Salamanca athletic director Rich Morton said he briefly reported to work Monday, but superintendent Robert Breidenstein instructed him to prepare to work from home.
“When I did get down there, I had to go down and see Bob and ask him what he wanted me to do,” Morton said. “He said, ‘Nothing. Go home, work from home, take whatever you need, so sports at this time aren’t really even being considered in anything, in terms of when that’s going to reinstate. I would guess that if it goes into April 20 or beyond, even if there is a chance that we are able to do anything, that they would probably postpone or cancel all non-league contests and have to play all league.”
AT ELLICOTTVILLE, teachers such as Dave McCann, also the ECS athletic director, are taking it “day-by-day” with the help of school administrators.
“They’ve got a lot on their plate right now with figuring out what to do during the closure of schools,” McCann said. “Really, I think athletics have taken a backseat to the safety and wellbeing of the kids in general and making sure we can get this under control. I’ve been communicating with the coaches almost every day, just trying to give them updates on anything I might see from the state or from the school itself. Right now it’s just wait and see and hopefully this thing gets under control here in the coming weeks and hopefully we can get a spring sports season in.”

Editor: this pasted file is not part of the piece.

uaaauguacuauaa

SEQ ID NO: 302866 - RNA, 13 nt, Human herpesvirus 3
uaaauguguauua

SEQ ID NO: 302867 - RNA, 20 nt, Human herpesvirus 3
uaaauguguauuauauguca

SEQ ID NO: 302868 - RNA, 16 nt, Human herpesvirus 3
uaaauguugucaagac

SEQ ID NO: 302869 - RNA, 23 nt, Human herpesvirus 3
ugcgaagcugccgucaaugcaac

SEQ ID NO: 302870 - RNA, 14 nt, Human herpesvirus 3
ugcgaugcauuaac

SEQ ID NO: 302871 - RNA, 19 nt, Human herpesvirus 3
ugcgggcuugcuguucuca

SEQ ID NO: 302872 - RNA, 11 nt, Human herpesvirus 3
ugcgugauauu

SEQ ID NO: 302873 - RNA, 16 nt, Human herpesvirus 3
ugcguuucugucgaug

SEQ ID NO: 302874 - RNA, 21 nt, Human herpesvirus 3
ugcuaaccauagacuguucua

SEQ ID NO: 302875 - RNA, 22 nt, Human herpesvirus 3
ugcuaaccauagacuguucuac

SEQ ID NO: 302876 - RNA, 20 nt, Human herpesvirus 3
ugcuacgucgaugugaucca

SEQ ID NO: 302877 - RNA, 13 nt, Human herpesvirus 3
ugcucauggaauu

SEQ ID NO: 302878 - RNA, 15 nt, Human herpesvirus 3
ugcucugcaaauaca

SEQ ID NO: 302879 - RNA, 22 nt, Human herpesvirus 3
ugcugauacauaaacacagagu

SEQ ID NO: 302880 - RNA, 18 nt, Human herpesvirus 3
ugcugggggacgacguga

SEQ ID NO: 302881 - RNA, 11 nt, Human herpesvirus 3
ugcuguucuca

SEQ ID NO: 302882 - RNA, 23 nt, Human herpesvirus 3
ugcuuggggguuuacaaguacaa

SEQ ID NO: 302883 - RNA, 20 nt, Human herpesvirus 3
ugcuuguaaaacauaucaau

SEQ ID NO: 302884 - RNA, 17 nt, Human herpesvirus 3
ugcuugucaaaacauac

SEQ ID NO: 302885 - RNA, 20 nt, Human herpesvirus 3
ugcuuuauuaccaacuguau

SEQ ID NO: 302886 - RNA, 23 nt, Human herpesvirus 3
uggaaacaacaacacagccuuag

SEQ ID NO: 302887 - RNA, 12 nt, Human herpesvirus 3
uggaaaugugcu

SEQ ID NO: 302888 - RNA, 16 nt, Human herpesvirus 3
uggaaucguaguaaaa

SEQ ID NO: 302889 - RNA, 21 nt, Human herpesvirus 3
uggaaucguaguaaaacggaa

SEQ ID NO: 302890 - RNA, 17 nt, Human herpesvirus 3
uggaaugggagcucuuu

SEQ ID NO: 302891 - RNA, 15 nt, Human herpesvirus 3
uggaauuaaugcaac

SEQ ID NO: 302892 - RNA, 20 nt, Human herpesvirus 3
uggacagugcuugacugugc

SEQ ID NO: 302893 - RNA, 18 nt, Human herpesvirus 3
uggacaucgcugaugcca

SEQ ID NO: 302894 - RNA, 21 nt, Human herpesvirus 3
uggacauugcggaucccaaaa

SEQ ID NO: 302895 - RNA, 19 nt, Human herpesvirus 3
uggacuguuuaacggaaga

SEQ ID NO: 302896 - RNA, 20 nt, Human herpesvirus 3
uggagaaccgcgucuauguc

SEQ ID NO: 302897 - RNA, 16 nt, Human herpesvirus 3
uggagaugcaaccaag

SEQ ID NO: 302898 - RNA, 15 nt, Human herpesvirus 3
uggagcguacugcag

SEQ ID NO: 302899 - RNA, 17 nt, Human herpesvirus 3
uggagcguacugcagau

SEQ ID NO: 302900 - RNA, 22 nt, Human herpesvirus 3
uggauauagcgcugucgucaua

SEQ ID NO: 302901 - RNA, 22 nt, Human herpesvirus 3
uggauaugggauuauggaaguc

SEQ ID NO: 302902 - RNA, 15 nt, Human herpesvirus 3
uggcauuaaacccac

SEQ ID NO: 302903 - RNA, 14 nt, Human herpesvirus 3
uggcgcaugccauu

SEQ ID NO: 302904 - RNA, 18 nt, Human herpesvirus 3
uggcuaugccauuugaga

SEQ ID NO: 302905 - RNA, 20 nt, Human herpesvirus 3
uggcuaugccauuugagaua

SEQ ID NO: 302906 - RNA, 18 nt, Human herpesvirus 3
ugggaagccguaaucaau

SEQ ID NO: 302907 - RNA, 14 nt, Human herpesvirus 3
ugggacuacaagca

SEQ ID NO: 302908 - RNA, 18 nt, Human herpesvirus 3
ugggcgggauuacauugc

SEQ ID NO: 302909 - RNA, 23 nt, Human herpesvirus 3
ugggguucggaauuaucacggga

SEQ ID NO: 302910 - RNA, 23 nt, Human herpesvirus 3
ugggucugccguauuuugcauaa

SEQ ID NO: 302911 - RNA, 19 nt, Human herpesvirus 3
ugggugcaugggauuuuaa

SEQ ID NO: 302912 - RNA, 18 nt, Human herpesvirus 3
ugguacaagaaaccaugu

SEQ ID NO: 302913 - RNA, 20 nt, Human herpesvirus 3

McCann said he’s optimistic for the sake of the school’s senior athletes that a solution can be found before graduation. Ellicottville is closed until at least April 12.